Updated: May 2
A cannibal DJ, left to freely roam the wasteland, cackles along the highway; his radio show a desperate attempt to connect with a dying world as he revels in sharing macabre stories of horror. These yarns were spun and passed onto him from a time before, his memory an opaque lens into a generation lost. These cautionary tales may no longer be applicable to the everyday survival of those left with beating hearts, but his imaginary legion of fans wait on bated breath for the next drop of the needle... But where did this manic anthology idea spawn from?
At the height of entertainment's nostalgic focus on the 1980s, TV series' revivals of the classic anthology format came to fruition, with Shudder releasing Creepshow, a modern-day revival of the popular Stephen King penned horror classic, as multiple others came to life at roughly the same time: CBS' The Twilight Zone and AMCs' revered Tales from the Crypt - which is yet to grace the small screen.
These anthology projects rose to recent prominence with Netflix's Black Mirror, where the format explored bleak technological tales of woe whilst reflecting on our increasing societal reliance - some may say obsession - with technology. This elevated the format, providing key social commentary and visualising a new terror exclusive to the modern anxieties of the 21st Century.
The inspiration behind these popular TV shows rests in literature - from short story collections by world-renowned authors, to the penny dreadfuls distributed to the masses in the 19th Century. As new media absorbs many of these stories to tell in admittedly exciting formats, we cannot help but feel unburdened by the weights other mediums carry; short fiction is the perfect vehicle to tell experimental stories unable to be told on the silver screen, prioritising great storytelling, prose and reflective thought on our identities, struggles and tribulations as we navigate an ever-changing landscape, characterised by our own perspectives.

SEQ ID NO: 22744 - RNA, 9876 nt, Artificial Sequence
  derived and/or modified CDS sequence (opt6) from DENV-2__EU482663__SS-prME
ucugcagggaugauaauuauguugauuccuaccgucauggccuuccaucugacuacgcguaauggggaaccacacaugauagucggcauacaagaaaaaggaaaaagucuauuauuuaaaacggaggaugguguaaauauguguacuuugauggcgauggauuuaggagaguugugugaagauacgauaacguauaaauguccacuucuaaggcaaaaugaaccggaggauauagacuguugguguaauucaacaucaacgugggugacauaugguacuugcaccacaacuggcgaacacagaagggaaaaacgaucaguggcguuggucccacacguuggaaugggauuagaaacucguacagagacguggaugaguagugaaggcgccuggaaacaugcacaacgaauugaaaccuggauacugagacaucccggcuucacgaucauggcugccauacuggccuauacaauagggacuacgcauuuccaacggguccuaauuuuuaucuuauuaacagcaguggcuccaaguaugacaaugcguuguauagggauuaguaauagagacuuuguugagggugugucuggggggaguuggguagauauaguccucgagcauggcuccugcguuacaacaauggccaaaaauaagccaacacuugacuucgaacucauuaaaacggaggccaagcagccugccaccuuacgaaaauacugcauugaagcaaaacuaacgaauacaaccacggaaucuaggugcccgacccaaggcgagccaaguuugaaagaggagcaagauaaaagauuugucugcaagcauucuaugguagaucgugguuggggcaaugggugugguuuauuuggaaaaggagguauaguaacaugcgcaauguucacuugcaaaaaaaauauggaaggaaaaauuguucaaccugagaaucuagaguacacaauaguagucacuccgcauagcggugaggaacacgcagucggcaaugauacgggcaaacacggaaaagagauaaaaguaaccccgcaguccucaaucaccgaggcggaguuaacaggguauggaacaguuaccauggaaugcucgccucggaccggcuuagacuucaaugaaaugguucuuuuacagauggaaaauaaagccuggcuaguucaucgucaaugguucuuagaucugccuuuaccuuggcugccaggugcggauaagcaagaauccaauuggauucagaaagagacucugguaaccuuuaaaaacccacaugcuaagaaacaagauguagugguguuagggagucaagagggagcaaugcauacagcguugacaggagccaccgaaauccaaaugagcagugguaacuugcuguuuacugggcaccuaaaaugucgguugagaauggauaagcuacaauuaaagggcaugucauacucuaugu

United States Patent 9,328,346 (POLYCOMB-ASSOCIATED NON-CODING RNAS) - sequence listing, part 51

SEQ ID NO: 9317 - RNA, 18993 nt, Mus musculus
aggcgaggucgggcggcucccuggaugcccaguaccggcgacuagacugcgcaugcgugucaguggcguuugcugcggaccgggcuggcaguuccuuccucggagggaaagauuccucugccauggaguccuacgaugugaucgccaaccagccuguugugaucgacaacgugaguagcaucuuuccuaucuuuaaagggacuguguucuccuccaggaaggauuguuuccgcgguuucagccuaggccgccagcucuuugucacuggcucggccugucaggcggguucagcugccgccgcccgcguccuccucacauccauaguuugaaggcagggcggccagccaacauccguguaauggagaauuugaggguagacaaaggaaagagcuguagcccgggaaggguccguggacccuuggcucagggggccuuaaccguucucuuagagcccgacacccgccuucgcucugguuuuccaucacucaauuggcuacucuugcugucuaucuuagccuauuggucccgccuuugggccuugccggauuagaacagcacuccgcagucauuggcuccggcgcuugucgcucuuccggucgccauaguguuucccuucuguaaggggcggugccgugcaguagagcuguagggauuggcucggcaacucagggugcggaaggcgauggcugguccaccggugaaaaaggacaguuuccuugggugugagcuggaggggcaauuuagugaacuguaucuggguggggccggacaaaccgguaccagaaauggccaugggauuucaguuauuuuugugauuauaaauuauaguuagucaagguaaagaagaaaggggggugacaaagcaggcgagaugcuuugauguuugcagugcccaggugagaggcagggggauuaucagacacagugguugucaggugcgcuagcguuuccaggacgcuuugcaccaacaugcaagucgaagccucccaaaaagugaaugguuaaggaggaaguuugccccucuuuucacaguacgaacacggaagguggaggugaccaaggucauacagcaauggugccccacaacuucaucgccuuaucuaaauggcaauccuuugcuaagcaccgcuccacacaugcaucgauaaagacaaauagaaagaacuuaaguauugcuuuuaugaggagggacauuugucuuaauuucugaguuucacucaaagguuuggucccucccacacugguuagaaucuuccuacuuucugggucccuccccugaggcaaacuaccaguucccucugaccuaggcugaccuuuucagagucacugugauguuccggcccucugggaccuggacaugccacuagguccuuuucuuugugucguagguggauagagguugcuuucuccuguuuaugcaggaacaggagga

Bringing Great Fiction to the Forefront
“Short fiction is the perfect vehicle to tell experimental stories unable to be told on the silver screen, prioritising great storytelling, emotion and reflective thought on our identities, struggles and tribulations”
Whilst we adore the age-old format of print, The Needle Drops... embraces experimentation, featuring a mixed selection of flash fiction, illustration and short fiction, intended to be also be available as an interactive e-book, with planned forays into other formats such as a podcast, essays and poetry. All-in-all, it strives to be a showcase of the best undiscovered creative minds out there today.
A Cannibal DJ
The narrator - or host - of such an anthology needs to incorporate the mood and vision of the collection as a charismatic tether between fiction and reality. Inspired by various talk show hosts - including MonsterVision's Joe Bob Briggs - whilst also adopting character traits from staple horror genre classics. Our resident DJ introduces each tale, suggesting further thought toward key concepts and ideas, as well as slowly building the ongoing mythology of The Needle Drops... that will spread across several volumes.
The Scope & Tone
"The narrator - or host - of such an anthology needs to incorporate the mood and vision of the collection as a charismatic tether between fiction and reality."
Embracing the pulp feel often attributed to the genre, The Needle Drops... plans to feature a variety of fiction that varies in tone, enabling us to explore all aspects of the horror genre without restriction. Horror frequently achieves an emotive connection with the reader, often letting us explore our own fears and The Needle Drops... plans to continue this trend, inviting a large variety of direction to where our authors can take us.
Engage with us across social media - and if you are so inclined, submit to us to get involved in an exciting project. We plan to share far more detail in the coming weeks, including interviews with our artists, authors, a look behind-the-scenes, and the ability to pre-order the first Volume.